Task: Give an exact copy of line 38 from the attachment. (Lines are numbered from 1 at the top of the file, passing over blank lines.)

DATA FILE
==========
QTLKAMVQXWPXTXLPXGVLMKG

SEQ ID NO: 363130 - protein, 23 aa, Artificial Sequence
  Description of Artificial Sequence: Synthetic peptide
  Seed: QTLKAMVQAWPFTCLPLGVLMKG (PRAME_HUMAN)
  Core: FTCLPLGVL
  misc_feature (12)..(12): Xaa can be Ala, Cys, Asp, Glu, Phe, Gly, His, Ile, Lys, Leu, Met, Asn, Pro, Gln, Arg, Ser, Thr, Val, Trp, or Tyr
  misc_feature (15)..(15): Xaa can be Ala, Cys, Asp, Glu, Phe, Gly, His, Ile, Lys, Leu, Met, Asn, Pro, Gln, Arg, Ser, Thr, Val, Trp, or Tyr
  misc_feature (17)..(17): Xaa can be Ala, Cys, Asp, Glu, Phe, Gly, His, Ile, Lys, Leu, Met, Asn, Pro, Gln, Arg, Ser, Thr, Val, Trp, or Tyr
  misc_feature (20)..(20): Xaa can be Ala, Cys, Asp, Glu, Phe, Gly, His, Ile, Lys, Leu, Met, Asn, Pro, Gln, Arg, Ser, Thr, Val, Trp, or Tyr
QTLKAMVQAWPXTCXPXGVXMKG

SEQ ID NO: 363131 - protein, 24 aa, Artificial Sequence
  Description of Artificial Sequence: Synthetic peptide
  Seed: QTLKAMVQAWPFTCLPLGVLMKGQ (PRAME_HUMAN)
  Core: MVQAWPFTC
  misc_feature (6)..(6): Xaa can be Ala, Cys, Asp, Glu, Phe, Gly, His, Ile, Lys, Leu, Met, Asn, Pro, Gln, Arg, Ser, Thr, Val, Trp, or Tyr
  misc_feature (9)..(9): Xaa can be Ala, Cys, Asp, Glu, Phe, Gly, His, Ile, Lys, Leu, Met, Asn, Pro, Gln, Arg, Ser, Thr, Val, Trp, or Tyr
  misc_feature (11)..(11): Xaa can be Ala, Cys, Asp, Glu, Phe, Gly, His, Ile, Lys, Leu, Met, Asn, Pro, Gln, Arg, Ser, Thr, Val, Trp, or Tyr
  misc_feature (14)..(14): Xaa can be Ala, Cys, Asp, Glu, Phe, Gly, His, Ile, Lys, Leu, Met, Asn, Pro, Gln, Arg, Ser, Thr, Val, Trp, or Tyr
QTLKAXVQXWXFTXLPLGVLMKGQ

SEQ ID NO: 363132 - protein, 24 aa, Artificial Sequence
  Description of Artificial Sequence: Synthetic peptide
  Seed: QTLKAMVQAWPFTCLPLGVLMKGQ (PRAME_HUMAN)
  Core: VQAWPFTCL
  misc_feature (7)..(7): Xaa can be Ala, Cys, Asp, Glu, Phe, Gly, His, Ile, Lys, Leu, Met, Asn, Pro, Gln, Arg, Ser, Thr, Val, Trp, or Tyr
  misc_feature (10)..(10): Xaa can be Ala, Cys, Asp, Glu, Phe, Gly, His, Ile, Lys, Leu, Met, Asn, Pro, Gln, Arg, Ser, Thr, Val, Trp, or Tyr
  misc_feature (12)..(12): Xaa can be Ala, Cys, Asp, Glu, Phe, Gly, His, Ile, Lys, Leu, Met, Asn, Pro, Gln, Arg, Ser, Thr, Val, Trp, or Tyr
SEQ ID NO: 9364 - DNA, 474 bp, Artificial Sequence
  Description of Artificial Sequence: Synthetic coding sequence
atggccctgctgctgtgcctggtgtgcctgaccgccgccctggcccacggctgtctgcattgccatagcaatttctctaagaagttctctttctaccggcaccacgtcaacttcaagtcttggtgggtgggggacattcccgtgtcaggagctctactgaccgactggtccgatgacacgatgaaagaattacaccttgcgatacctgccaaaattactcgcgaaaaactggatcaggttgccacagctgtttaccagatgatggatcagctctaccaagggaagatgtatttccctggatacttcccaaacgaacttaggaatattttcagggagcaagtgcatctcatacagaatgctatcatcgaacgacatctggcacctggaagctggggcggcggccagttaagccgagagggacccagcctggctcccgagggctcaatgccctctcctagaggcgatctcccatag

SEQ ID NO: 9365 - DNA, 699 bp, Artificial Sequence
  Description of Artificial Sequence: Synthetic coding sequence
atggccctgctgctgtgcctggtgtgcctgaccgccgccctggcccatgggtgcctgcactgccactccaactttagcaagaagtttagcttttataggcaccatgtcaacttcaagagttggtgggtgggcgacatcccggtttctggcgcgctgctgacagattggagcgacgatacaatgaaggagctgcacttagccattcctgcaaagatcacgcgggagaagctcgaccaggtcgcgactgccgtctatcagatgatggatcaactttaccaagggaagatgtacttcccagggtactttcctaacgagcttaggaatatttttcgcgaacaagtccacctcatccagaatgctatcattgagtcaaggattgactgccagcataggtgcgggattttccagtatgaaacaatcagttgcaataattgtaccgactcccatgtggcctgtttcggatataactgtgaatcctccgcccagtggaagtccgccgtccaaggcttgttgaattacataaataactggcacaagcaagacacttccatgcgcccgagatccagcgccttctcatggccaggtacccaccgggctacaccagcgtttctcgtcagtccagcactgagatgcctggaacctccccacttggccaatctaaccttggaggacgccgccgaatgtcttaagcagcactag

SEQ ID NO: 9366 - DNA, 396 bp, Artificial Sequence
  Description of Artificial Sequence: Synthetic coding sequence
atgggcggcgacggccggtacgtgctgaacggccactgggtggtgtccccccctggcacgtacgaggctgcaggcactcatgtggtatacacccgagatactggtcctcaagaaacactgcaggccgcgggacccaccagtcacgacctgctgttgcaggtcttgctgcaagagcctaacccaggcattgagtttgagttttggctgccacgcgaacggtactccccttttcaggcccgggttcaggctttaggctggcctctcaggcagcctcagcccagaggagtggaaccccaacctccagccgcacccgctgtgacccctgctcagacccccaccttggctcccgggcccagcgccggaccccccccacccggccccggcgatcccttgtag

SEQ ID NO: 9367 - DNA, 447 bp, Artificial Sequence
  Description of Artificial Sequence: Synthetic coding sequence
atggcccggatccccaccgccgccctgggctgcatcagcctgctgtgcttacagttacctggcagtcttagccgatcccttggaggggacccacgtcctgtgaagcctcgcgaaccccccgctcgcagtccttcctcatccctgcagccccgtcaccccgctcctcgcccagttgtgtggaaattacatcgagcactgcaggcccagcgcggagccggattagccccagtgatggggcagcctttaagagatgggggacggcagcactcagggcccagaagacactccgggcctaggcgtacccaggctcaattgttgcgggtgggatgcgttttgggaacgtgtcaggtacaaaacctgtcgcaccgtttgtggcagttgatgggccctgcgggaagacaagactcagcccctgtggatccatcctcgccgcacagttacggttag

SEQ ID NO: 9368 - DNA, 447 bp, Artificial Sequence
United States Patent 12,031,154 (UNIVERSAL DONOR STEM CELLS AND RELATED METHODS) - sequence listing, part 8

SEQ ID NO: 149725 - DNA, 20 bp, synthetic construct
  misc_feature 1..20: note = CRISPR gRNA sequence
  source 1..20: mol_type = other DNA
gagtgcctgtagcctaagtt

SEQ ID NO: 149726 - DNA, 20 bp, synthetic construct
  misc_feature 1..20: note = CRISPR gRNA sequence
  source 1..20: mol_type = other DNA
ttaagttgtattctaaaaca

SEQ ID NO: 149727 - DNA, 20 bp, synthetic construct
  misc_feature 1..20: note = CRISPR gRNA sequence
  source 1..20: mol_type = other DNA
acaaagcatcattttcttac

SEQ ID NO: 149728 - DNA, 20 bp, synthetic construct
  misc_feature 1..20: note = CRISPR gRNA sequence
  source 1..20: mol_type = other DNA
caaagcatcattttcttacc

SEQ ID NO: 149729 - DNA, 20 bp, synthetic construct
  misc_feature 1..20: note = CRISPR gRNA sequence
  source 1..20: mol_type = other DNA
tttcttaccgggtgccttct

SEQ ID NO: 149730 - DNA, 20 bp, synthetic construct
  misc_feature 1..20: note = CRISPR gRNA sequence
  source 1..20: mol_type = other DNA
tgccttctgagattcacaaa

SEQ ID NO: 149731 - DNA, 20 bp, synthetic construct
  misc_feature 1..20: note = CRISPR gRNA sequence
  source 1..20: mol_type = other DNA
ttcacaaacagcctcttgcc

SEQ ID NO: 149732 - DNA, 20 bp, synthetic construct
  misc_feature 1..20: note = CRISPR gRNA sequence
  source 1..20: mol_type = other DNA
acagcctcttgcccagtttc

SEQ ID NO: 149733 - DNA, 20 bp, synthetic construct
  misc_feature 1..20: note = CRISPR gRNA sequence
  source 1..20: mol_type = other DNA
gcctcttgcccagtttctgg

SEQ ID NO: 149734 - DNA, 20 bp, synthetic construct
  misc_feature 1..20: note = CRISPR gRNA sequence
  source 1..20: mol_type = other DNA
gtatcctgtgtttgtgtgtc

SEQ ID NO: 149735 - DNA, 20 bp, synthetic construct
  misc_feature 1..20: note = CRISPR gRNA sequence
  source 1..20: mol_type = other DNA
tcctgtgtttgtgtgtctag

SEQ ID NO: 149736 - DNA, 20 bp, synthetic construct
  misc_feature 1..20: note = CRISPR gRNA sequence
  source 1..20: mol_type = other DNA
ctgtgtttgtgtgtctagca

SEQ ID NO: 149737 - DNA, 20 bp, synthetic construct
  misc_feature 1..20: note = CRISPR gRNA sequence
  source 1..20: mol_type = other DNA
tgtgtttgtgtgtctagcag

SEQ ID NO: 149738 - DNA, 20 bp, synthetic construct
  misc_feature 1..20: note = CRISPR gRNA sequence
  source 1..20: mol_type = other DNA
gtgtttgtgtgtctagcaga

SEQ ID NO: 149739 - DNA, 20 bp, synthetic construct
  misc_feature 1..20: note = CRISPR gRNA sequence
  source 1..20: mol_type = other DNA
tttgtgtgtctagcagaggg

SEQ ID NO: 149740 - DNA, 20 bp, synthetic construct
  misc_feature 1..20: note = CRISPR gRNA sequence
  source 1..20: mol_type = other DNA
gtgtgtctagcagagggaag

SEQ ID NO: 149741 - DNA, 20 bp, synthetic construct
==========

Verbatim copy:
atggcccggatccccaccgccgccctgggctgcatcagcctgctgtgcttacagttacctggcagtcttagccgatcccttggaggggacccacgtcctgtgaagcctcgcgaaccccccgctcgcagtccttcctcatccctgcagccccgtcaccccgctcctcgcccagttgtgtggaaattacatcgagcactgcaggcccagcgcggagccggattagccccagtgatggggcagcctttaagagatgggggacggcagcactcagggcccagaagacactccgggcctaggcgtacccaggctcaattgttgcgggtgggatgcgttttgggaacgtgtcaggtacaaaacctgtcgcaccgtttgtggcagttgatgggccctgcgggaagacaagactcagcccctgtggatccatcctcgccgcacagttacggttag